A magazine whizzed across the counter and rebounded off Faye’s stomach. She slapped a hand onto the glossy pages and pinned the magazine against the granite before it slid off. Perfect teeth, flawless skin, and sculpted muscles Faye was sure didn’t exist in nature stared back at her.

“I think you look beautiful.”

Whitney rolled her eyes and reached across the island to snatch the magazine back. “Beautiful? Are you blind?”

“No.” But being deaf would have distinct benefits right now. Time for ego damage control. “As a matter of fact, I don’t think I’ve seen you look more beautiful.”

Whitney harrumphed. “Not my most beautiful, but even with this amateurish lighting, I still look better than Candy Jenkins.” She crammed her finger between two pages and flipped open the magazine. “The girl has got some thighs on her.”

Excellent. Step three: Comparison. At this rate, Whitney would complete her trauma ritual within the next five minutes and move onto the treadmill and begin the Top Model marathon that always followed her episodes. Faye attempted the diversionary tactic of changing the subject.

“So…” In one smooth motion, she scooped up her purse and the files and headed to her bedroom. “What do you have planned for tonight?”

The click of doggy nails and the squeak of the chair being pushed away from the counter heralded Flash and Whitney’s pursuit.

“There’s a new restaurant in midtown we’re trying, some kind of Brazilian steakhouse. My friend said the waiters come to the table with big hunks of meat on skewers and serve you. I guess they have like a hundred different types of meat. It’s perfect for this low-carb diet I’m on.”

“Meat on a stick. Now that’s sure to be a hit.”

“I know, right?” Whitney pointed at her. “You should come with us.”

Faye set the pile of folders on her desk and plopped down in her chair. With a Wingardium Leviosa wave of her hand, she pushed the computer’s on button and sank into the big, leather desk chair. The machine hummed to life. “Sorry, I have tons of work to do.”

“Come on,” Whitney cajoled. “What’s more fun, having an adult evening out or babysitting a dog?”

Flash jumped onto Faye’s bed, did two circles, and settled next to the pillow. Definitely dog-sitting. She’d rather pluck herself bare with dull tweezers than experience another Friday night with Whitney and her friends. The last time she’d gone, she’d spent the entire evening as Whitney’s official holder, holding her purse, her coat, their places in line, and the table while Whitney danced with everybody in the club.

“I really can’t.” Her Twitter page glowed like a beacon, calling to her. She hit the refresh button. “I promised Mrs. P I’d watch Flash.”

“That old lady plays you like an X-box. She never asked you to watch her mutt.”

Flash growled and Whitney growled back.

“It might have slipped my mind.” Faye clicked the connect tab. A message from @HopelessRomantic popped onto the screen, making her smile.

“You’re the most efficient person I know. You don’t remember because the old battle-axe didn’t ask.”

“I don’t mind.” Faye leaned into her screen to read.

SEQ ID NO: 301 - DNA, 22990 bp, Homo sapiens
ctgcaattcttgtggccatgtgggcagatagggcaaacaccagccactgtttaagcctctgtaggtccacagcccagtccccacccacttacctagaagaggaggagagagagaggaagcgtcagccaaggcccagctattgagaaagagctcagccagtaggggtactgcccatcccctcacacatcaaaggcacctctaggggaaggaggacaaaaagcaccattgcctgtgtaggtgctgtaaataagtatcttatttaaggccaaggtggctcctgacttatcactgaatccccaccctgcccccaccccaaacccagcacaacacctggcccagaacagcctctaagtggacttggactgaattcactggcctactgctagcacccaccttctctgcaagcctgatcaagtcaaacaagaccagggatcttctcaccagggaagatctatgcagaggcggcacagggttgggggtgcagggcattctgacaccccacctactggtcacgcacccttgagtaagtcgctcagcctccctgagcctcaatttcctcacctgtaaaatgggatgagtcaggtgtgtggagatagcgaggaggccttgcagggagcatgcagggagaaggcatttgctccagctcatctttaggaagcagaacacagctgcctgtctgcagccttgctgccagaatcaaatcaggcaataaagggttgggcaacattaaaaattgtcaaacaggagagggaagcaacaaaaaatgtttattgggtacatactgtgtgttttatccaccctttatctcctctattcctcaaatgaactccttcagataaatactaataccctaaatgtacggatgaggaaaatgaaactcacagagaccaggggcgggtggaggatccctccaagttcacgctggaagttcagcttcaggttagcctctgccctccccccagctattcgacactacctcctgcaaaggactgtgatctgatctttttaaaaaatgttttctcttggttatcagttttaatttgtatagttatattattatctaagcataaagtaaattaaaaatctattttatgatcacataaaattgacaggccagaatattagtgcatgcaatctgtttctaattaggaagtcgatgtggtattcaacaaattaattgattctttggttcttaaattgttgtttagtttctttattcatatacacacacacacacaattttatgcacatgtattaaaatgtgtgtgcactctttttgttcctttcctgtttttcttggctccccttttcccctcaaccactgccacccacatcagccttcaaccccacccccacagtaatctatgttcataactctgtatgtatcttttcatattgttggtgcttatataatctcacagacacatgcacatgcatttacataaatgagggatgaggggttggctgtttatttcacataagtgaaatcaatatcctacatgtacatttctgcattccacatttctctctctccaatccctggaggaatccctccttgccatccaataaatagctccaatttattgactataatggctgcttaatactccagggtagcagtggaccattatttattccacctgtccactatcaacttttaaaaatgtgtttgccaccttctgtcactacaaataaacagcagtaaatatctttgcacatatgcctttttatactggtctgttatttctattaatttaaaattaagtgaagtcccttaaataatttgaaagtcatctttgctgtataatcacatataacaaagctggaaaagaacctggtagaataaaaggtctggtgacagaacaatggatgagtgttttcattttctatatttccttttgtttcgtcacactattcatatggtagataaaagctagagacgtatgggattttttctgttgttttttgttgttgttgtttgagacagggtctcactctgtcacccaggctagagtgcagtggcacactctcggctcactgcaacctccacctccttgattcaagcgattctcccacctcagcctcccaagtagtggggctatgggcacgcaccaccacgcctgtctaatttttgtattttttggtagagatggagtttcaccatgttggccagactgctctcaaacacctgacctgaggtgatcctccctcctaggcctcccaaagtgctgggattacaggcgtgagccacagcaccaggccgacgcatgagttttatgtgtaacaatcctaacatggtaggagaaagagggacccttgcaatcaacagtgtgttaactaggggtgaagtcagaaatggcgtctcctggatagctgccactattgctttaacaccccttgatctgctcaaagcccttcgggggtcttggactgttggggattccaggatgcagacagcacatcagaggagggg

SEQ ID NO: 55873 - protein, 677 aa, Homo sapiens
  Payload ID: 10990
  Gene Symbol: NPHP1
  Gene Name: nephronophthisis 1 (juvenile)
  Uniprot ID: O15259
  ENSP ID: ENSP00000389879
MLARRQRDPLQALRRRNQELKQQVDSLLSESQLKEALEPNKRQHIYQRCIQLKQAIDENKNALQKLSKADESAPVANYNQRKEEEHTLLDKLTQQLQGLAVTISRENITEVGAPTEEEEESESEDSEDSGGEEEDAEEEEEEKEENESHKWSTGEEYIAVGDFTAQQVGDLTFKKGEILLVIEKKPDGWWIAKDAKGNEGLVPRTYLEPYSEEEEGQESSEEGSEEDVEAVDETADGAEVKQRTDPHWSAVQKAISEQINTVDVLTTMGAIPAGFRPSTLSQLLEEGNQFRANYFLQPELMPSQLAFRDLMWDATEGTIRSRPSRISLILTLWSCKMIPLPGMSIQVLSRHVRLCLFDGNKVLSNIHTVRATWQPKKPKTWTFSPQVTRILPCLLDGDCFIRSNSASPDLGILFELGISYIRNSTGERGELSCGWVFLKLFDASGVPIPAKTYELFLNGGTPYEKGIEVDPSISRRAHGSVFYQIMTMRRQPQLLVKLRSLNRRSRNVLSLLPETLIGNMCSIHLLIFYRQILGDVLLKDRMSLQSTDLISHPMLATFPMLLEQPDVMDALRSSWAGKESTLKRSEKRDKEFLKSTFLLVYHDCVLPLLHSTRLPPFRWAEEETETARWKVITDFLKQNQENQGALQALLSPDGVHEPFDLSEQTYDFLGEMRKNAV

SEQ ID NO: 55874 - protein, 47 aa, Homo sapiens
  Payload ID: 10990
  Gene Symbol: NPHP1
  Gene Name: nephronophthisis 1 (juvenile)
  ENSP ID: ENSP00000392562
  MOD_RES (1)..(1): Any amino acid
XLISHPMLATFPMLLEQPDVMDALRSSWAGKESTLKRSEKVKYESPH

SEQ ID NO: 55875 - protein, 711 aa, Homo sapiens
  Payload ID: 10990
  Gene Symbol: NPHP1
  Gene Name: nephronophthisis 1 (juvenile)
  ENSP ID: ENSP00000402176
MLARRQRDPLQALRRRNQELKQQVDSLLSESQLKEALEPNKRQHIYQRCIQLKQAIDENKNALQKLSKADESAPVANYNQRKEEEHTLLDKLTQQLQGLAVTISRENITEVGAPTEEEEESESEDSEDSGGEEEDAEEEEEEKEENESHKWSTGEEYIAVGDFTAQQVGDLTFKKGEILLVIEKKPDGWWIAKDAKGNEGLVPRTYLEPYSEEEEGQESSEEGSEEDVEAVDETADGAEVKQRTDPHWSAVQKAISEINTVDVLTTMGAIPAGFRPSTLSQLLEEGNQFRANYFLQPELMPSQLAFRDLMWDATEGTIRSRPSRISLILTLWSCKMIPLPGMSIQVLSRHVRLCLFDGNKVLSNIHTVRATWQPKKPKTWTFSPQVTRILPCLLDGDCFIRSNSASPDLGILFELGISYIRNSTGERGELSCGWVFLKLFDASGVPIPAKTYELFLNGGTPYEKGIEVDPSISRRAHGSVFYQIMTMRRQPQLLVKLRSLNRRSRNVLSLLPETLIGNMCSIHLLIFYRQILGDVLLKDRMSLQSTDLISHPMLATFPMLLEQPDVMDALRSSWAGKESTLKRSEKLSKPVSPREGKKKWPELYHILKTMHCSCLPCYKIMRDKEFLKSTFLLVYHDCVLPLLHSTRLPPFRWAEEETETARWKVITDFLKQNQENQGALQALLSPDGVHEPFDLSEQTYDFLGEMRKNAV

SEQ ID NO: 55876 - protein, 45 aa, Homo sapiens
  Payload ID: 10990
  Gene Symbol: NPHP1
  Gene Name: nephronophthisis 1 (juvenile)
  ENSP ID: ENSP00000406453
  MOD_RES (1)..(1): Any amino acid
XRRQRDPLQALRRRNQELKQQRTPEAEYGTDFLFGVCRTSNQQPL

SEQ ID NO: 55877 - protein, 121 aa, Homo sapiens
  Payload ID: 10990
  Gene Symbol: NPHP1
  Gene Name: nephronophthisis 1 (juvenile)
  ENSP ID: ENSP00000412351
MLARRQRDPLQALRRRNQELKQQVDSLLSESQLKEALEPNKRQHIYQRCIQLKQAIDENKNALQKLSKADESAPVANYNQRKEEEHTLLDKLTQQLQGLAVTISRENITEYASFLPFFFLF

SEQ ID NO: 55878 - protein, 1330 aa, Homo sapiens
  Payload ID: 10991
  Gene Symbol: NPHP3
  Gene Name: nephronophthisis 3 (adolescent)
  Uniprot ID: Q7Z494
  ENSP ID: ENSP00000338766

@CrispyCream What are you doing tonight?

Though she’d chosen @CrispyCream as her username in honor of her favorite doughnut franchise, in hindsight, spelling it differently might have made her sound like a stripper.

“You know, there’s more to life than dog-sitting and Twitter.”

Faye glanced away from Hopeless’s message and looked at Whitney. “What?”

“Twitter.” She pointed to the computer. “You’re obsessed.”

“Am not.” Faye hated when Whitney started on her about being a recluse. “There’s nothing wrong with enjoying social media.”

“Uh-huh.” Whitney crossed her arms over her ample bosom and leaned against the doorframe. “Why not do something daring for once? Blow off work and live a little?”

“Because.” She exaggerated every vowel. “I work for Pierre Shogun, the biggest, most neurotic interior designer in the city. If I don’t do my work, I don’t get paid. If I don’t get paid, all this opulence disappears.”

Whitney waved her hand absently. “I’ve got money.”

“Speaking of which…” Faye raised her eyebrows. “You’re two months behind in rent.”

Fine,” Whitney continued, ignoring the reference to money. “But when you’re old and alone, still living in this apartment, I’m going to say I told you so.”

Images of Faye’s cardigan-clad skeleton clutching a taxidermied Flash flittered through her mind. Nobody would find her until the smell of her rotting corpse drove one of her neighbors to complain. She shuddered. Sadly, the prospect wasn’t all that unbelievable.

“Hey,” Faye said. “When’s your reservation?”

“Nine o’clock.”

“Wow.” She tapped the face of her watch. “You only have three hours. Better get ready.”

Horrification spread across Whitney’s face. “I haven’t even picked out what I’m going to wear yet.” She pivoted at lightning speed and disappeared out the door.

Faye turned her attention back to the computer and flexed her fingers.

@HopelessRomantic, Tweeting, eating, & meeting new friends. You?

She cringed at her pitiful rhyming attempt. “Was that corny?”

Flash gave a sleepy grunt of approval.

A reply popped onto the screen.

@CrispyCream, Waiting for you.

Her heart beat a little faster. Several times a day she’d catch herself fantasizing about Hopeless, imagining what he would act and look like. She wasn’t even certain he was a man. When the only communication you had was tweeting, it was tough to tell.